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The accused murderer in what has overtones of a gay hate crime has been deemed incompetent to stand trial, Ingham County Prosecutor Carol Siemon said.
Judge Louise Alderson, of 54-A District Court, made the determination Friday in a hearing for Larkin Neely Jr., Siemon said. Neely was charged with killing Kevin Wirth in his home on May 21.
“He is currently at the Ingham County Jail pending transport to the Center for Forensic Psychiatry for treatment,” Siemon said Monday. “With appropriate therapeutic interventions, it is likely that Mr. Neely will be restored to competency within the 15 months statutory period and able to stand trial.”
A defendant must be able to understand the charges against him as well as be able to assist in preparing his defense.
Christin Harris, a lifelong friend of Wirth’s, said she was “disappointed” by the decision but “respectful of Neely’s rights.”
“In time, I am hopeful everyone who was hurt by Kevin’s death will get the answers they need to help with closure and healing,” she said.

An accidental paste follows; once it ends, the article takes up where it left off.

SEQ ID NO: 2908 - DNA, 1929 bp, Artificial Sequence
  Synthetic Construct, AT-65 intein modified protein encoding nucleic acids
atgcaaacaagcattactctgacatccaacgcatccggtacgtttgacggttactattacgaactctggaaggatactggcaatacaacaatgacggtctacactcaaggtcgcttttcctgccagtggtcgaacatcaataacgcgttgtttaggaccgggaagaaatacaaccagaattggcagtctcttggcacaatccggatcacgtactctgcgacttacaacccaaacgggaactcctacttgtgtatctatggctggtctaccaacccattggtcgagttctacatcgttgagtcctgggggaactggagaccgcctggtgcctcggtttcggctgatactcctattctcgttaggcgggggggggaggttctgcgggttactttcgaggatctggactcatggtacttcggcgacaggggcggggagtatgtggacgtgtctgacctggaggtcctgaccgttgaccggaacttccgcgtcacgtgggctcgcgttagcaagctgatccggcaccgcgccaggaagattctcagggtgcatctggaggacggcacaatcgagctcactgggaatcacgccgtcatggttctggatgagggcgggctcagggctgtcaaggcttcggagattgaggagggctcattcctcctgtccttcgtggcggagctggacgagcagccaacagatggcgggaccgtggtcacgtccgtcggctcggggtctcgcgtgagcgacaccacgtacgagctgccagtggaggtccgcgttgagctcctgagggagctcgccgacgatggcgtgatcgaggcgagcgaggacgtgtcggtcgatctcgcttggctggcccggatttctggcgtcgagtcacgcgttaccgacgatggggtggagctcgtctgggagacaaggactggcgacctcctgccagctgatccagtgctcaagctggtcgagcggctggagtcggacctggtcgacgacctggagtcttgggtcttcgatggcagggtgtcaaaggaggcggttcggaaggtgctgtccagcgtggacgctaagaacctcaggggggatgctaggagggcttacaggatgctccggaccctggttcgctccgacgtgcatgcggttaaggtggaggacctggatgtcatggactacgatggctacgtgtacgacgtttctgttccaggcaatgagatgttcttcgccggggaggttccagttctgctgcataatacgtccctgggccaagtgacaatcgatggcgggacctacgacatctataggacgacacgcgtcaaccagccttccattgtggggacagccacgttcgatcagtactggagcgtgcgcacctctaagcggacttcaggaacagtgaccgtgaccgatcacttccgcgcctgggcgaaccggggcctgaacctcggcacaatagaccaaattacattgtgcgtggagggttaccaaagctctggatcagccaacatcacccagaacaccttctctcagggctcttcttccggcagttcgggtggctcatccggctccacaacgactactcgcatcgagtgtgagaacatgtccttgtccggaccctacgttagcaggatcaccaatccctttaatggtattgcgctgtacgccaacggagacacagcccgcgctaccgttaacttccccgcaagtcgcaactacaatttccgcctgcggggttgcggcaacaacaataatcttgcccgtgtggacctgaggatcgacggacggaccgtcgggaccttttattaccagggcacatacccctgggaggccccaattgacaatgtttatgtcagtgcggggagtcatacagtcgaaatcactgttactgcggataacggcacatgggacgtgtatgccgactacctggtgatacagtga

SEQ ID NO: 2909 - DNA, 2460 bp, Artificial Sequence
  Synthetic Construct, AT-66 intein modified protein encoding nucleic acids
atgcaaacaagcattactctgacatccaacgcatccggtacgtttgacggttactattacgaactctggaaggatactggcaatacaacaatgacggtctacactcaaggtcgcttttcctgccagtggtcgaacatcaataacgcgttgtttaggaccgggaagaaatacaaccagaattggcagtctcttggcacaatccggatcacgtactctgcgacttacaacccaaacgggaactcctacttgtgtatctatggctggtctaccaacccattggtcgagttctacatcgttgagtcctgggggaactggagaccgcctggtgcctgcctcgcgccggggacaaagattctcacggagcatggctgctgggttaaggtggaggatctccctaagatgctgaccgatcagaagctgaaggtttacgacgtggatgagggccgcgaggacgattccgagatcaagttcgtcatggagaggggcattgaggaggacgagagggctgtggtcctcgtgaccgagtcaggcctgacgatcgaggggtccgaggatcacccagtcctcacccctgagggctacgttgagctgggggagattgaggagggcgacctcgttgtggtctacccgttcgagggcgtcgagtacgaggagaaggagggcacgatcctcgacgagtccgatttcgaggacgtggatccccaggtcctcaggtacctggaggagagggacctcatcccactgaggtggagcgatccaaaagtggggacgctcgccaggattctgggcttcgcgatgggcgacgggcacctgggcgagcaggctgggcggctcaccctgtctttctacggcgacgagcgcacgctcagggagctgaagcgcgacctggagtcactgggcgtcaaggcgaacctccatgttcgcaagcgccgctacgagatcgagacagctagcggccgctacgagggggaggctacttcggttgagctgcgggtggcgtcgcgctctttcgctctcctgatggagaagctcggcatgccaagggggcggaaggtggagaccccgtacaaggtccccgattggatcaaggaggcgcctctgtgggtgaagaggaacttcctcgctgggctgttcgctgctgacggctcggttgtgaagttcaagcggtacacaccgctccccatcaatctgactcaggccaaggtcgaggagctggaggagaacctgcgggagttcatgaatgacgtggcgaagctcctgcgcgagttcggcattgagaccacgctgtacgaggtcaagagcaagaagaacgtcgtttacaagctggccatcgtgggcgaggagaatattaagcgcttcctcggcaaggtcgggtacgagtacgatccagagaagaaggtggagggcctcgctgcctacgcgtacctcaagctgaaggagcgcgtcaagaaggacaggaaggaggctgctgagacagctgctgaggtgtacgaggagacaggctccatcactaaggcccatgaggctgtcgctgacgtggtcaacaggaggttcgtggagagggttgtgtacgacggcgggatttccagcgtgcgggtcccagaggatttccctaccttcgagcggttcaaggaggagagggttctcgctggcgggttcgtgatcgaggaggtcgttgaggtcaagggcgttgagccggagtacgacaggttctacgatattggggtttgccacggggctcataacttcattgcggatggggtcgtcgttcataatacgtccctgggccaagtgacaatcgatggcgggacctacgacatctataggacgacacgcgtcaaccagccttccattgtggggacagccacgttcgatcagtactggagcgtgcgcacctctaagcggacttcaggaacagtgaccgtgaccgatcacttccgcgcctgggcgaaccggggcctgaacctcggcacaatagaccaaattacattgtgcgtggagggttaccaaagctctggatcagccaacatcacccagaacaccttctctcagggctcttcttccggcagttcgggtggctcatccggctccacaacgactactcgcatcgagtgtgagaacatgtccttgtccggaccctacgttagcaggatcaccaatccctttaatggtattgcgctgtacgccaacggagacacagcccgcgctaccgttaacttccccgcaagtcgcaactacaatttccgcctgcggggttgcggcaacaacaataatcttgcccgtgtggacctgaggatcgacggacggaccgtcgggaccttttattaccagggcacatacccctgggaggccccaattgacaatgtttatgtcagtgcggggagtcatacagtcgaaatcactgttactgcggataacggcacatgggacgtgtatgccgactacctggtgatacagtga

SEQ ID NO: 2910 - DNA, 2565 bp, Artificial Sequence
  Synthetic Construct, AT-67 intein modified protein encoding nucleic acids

Wirth, 27, was found in his home in the 1100 block of Kalamazoo Street shortly before 7 a.m. May 21. Police who were called to the home to respond to a burglar alarm found the back door open. Wirth had been stabbed 22 times, according a court transcript. The only thing taken from the home was Wirth’s cellphone. Police charged Neely Jr. 30, of Detroit, with murder and armed robbery.
The cellphone was discovered by a citizen walking their dog between Wirth’s home and the Radisson Hotel, where Neely was staying, the transcript revealed.
The excessive brutality of the stabbing death, combined with the short time the two had known each other, led civil rights experts, including Lansing Association for Human Rights President Emily Dievendorf, to opine this attack had all the hallmarks of a hate crime. Wirth was gay.
She said the group respects the mental health process the court is undertaking and “will continue to provide support” to those impacted by Wirth’s death.
“Justice for Kevin is paramount.
LAHR will work to ensure that no LGBTQIA life lost to violence is forgotten and we will pursue justice and equality for LGBTQIA peoples through community-led advocacy, connection and education,” she said. “In the meantime, through ongoing efforts and collaborations with community leaders, the work to better identify and respond to possible bias crimes is well underway.”